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Exciting adventure for young Bermuda team

The Bermuda team to the World Youth Bridge Championships have now completed their Round Robin schedule and did not make it to the knockout stage, but that was never on the cards given the relative inexperience of the team.

Their participation marks a huge step forward for Bridge in Bermuda.

The boys are all total newcomers to the game compared to the young veterans they were playing against, and playing a four-man team with no rotation is a monumental ask at this level.

We did, however, all know that at the outset and there is no doubt that this was the right time for this experiment which I think will galvanise the youth participation in Bermuda bridge.

Many congratulations to the guys — Ruskin Cave, Liam Peniston, Tyler Irby and Gianluca Cacace — and huge plaudits to John Burville and Mike Viotti for taking on this project.

These events require a ton of work to organise and entries, funding, travel arrangements, convention cards, uniforms, etc really make it a full-time job and hopefully there will be a lot more help next time round.

The results for the team were tough, but when one looks behind them it is amazing how small margins of error just accumulate into a loss that looks way bigger than the actual difference in play.

But that is what it takes at this level, and what the boys will come back with is the knowledge that there is a ton of learning ahead but also with the knowledge that some small adjustments in bidding style and discipline and in declarer technique can soon make them competitive.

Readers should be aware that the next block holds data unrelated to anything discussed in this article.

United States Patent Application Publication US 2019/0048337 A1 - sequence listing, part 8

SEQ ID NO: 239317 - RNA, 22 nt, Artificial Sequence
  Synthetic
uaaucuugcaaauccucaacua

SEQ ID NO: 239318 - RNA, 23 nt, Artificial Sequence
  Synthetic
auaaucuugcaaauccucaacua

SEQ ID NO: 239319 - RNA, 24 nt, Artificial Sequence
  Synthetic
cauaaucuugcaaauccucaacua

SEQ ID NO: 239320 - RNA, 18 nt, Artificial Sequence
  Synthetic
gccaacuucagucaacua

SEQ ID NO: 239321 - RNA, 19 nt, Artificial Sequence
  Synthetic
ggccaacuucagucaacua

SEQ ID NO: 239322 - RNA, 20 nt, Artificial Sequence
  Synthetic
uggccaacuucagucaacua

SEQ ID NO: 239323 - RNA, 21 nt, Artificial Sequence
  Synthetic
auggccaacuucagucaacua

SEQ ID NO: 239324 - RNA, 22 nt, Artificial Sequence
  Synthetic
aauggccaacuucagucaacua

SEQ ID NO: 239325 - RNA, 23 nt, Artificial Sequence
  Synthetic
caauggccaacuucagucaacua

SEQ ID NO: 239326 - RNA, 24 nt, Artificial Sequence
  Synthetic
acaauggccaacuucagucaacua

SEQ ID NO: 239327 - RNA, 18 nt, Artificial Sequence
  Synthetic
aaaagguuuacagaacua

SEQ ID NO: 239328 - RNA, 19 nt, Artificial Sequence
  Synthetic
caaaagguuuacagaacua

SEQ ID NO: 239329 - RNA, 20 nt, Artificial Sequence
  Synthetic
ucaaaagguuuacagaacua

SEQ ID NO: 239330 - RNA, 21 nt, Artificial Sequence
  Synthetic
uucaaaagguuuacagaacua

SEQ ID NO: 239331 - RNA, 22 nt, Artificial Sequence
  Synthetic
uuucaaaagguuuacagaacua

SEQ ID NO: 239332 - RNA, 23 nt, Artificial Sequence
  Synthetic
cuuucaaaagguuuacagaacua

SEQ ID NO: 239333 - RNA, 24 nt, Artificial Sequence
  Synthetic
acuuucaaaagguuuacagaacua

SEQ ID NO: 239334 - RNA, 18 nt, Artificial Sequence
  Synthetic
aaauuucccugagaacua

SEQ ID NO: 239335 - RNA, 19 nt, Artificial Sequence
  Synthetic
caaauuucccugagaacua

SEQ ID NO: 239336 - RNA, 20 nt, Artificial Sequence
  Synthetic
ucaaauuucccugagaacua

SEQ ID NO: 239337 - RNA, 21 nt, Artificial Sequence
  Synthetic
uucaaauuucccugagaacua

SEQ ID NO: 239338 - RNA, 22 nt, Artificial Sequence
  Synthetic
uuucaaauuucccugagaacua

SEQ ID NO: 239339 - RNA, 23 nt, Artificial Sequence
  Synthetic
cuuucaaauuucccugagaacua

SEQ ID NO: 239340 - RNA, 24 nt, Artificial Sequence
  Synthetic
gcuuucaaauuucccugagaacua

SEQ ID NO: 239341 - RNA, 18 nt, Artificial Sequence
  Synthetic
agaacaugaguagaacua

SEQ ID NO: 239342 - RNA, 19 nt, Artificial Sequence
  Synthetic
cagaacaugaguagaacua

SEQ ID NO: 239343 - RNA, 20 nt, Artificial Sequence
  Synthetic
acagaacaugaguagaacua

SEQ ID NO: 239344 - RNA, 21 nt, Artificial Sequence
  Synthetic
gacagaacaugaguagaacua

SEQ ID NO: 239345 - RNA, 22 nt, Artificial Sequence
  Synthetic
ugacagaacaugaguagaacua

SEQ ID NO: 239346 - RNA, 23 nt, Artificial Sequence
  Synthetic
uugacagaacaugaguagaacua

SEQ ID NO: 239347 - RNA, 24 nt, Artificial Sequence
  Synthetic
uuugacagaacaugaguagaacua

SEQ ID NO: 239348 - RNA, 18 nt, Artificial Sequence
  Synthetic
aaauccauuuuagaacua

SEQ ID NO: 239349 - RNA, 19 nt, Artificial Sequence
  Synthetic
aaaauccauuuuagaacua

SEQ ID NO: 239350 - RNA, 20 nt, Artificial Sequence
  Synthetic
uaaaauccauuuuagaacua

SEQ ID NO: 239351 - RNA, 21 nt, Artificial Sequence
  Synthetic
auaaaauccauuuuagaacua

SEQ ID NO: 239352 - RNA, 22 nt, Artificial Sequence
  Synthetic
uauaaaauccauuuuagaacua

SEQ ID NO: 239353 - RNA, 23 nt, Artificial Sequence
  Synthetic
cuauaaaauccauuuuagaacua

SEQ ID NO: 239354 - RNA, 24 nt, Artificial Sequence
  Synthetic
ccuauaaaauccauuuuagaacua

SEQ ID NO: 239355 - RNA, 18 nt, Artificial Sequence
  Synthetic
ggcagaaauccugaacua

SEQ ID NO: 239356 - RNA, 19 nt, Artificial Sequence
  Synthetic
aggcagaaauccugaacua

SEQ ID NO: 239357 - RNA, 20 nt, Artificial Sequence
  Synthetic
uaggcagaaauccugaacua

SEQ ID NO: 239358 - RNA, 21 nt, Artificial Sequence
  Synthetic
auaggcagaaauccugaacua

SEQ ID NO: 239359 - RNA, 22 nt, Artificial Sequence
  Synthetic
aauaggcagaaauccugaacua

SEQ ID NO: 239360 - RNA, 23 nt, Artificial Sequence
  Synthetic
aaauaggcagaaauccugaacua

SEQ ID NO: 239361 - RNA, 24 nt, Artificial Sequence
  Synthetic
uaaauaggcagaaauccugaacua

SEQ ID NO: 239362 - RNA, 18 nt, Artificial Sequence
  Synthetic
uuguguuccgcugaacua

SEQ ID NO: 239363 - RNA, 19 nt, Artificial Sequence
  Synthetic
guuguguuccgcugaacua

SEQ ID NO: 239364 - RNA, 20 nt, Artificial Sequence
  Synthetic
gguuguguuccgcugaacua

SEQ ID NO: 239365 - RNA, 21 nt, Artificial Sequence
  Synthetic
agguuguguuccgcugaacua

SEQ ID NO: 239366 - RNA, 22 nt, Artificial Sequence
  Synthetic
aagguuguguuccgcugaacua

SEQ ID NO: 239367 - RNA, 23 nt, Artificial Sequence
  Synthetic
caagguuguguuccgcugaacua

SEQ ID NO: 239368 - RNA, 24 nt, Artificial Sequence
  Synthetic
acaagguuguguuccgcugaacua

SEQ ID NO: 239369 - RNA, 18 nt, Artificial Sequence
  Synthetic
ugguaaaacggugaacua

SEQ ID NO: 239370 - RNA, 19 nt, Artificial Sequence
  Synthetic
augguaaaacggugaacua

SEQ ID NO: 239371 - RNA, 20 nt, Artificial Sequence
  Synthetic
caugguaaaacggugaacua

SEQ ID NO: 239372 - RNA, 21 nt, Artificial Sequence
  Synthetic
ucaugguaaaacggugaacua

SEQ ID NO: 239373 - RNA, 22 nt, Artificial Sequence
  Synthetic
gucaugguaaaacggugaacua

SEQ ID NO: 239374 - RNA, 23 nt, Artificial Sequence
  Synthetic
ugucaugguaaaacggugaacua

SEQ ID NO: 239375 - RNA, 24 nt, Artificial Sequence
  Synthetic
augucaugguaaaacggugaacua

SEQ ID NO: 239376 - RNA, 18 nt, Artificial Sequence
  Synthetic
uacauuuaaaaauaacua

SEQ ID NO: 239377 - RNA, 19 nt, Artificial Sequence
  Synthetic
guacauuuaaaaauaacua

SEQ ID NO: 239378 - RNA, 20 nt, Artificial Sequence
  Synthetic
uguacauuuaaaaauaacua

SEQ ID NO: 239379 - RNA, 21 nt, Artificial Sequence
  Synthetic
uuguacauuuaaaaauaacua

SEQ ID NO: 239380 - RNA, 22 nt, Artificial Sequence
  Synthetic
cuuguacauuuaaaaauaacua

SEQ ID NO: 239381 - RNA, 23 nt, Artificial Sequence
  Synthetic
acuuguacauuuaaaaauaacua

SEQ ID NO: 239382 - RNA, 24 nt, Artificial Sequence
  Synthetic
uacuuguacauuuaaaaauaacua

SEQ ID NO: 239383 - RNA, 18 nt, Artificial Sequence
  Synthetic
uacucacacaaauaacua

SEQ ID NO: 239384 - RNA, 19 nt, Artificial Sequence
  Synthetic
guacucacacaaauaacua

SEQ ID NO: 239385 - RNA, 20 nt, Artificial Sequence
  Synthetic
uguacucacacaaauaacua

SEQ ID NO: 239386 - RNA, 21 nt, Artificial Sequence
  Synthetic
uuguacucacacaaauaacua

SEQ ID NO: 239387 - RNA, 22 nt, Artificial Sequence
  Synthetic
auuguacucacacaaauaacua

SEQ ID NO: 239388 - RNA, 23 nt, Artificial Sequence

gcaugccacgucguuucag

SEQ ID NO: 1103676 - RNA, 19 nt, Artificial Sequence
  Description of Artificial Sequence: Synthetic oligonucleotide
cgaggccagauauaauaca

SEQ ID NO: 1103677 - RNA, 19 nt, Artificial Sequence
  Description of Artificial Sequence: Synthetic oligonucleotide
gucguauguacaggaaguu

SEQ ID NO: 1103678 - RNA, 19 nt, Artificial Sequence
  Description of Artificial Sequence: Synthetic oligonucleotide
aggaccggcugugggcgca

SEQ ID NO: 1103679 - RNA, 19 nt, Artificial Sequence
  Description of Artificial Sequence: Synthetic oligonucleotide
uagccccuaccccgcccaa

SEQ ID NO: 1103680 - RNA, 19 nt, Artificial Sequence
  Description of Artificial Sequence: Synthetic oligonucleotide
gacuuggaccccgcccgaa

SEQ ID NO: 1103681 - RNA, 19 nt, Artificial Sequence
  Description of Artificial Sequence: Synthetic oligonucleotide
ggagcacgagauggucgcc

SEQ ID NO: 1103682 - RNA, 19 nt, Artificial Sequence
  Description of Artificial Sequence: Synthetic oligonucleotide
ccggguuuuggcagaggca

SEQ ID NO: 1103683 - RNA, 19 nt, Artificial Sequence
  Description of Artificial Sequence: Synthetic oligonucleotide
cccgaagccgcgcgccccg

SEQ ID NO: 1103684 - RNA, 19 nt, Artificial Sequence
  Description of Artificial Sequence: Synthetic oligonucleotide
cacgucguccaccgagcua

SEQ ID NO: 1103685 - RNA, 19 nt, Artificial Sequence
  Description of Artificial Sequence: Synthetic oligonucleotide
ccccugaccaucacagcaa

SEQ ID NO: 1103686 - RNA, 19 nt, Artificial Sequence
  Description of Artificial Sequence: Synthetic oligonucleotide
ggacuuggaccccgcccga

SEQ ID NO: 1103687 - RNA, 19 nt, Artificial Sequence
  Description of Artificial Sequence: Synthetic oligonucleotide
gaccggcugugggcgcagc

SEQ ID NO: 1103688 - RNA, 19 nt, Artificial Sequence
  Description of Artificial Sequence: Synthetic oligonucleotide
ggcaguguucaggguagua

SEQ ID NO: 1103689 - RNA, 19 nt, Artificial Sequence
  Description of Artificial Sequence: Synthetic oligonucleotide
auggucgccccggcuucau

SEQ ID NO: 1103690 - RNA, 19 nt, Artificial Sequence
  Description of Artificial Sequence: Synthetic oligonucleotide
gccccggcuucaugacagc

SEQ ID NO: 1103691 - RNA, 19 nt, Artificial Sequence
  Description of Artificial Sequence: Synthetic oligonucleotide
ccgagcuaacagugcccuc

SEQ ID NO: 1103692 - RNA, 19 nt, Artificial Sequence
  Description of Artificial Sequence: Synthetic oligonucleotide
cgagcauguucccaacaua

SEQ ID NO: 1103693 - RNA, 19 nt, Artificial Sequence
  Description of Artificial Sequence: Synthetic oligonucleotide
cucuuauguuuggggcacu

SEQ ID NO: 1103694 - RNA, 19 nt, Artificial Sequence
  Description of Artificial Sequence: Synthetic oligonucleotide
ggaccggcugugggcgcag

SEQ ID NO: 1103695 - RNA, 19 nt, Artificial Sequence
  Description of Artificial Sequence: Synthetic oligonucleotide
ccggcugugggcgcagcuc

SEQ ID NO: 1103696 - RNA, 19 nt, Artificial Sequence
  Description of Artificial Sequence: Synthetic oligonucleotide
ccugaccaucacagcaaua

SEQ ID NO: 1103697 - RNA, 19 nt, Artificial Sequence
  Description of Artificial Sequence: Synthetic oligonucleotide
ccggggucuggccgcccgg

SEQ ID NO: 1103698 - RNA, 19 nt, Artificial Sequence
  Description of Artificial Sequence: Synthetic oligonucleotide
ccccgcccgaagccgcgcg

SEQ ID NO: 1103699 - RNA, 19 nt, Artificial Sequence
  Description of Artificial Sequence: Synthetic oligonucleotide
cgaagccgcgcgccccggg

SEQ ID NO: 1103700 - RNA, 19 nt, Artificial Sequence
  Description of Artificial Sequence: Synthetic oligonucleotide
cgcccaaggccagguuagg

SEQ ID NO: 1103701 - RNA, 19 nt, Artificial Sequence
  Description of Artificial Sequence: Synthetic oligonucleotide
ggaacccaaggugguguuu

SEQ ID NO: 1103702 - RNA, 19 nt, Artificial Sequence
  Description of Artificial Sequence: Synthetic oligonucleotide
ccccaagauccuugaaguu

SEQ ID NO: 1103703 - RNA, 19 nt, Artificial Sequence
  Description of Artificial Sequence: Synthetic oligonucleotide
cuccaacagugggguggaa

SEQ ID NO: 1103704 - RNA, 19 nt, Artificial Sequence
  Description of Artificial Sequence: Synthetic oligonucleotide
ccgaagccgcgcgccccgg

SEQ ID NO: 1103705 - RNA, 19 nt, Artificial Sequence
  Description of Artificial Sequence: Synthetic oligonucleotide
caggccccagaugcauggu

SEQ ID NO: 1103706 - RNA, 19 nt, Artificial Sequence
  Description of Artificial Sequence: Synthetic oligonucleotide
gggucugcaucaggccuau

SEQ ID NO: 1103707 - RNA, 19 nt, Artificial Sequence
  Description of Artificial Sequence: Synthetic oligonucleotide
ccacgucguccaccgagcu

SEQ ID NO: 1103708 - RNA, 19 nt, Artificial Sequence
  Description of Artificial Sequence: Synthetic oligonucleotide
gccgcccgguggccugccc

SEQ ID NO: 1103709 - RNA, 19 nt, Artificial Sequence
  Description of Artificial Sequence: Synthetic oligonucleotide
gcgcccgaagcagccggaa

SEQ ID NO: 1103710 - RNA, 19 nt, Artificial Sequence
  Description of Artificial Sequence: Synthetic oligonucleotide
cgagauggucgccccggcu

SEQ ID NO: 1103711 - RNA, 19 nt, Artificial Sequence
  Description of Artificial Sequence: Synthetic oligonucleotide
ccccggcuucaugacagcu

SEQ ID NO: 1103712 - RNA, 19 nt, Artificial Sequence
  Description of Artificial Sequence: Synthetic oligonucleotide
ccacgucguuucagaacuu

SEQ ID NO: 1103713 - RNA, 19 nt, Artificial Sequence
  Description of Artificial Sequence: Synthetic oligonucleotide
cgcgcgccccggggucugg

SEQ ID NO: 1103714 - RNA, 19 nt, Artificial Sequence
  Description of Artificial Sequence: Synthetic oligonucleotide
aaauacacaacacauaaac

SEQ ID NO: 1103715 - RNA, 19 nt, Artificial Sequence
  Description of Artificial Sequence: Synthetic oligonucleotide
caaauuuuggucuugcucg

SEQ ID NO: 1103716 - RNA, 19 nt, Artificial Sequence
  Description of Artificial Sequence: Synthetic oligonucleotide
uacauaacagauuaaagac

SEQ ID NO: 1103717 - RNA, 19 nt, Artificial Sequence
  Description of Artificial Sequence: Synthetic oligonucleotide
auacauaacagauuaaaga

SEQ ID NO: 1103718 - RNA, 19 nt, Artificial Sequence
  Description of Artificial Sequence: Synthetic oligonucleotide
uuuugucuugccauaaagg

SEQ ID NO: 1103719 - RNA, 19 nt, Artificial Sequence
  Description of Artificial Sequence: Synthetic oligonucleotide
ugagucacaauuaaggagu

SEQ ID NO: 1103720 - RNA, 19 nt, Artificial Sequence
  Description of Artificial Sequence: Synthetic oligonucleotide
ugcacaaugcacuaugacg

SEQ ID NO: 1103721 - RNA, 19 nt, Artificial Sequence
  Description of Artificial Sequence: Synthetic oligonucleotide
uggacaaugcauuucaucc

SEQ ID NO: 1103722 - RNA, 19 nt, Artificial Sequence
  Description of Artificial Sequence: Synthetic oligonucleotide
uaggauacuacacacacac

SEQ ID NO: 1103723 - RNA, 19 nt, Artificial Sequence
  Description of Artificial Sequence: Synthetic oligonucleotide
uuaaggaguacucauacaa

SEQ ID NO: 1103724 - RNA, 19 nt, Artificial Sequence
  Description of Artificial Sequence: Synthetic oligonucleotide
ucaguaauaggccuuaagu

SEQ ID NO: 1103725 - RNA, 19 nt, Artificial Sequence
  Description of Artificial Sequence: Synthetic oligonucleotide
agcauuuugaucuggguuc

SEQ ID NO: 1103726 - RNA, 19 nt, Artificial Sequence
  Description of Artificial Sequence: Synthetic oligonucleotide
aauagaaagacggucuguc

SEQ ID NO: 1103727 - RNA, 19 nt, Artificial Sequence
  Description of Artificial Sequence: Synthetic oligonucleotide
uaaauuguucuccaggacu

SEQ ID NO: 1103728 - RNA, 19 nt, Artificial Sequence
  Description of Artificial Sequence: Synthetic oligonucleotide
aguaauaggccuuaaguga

I looked at some of the individual matches and went through them with John, and the Italy match is a good proxy for what I just wrote.

Through the first 9 boards of the 14 board match, our boys were 2 imps up (13-11)!

They lost 7 imps on Board 10 when our defence allowed 4Hearts to make, and our team-mates bid correctly to 3Hearts, and made it.

Then on the 11th board, Bermuda were unluckily undone by their system where North ended up as declarer instead of South and this forced a 50/50 choice in the play which went wrong, whereas in the other room declarer had the luxury of giving up a trick in order to claim his contract.

Dealer North, Both Vul


S A842

H AJ108


C A9


S 1053

H Q65

D 10972

C J105


H Q96

H K42

D A5

C KQ632



H 973

D J864

C 874

Both teams played in 6NT, The bidding on our side started with 1D by North/2C by South (forcing with game interest and no 4 card major), 3NT by opener showing a good hand with both major suits stopped, a 4NT quantitative raise by responder which opener happily accepted to bid 6NT.

So Tyler is playing it and received a Spade lead — any other lead, and the contract is cold. He tried the Queen but once the King covered this he had to eventually take the Heart finesse, and unfortunately played it the wrong way round. In the other room the bidding was probably 2D=18-19 bal/6nt (though they may have checked for key cards in between). Suffice it to say that South is declarer, and the contract is cold played by South.

Did Tyler have any clues about the heart suit ? Hmmmmm…..may be! — but again this is where experience kicks in. With no bidding from the opponents all he had was a negative inference and that is the fact that East did NOT lead a Heart which against 6NT he is unlikely to do holding the Queen. So it is far from conclusive, but in bridge you are looking for small percentage tilts in your favour and I think this is one and I would play East for the Queen. Again, an unfortunate loss against a good team.

Another unfortunate match was against India — our boys were on top but then a straightforward missed 3NT contract on one hand, taking another bid on the next hand at the 5 level instead of punishing the opponents in their flighty 4 level contract, and a missed game when both our players could have made one more effort, led to a 34 imp loss in 3 Boards – match lost ! The next time they play the boys will get at least two of these three right and end up winning the match comfortably !

So there you have it! An exciting and new adventure for the team, John and Mike, and the groundwork is laid for new things ahead for youth bridge in Bermuda. Again, congratulations to all concerned and we look forward to seeing the four players and their bridge player friends now trying to make their mark at the Club!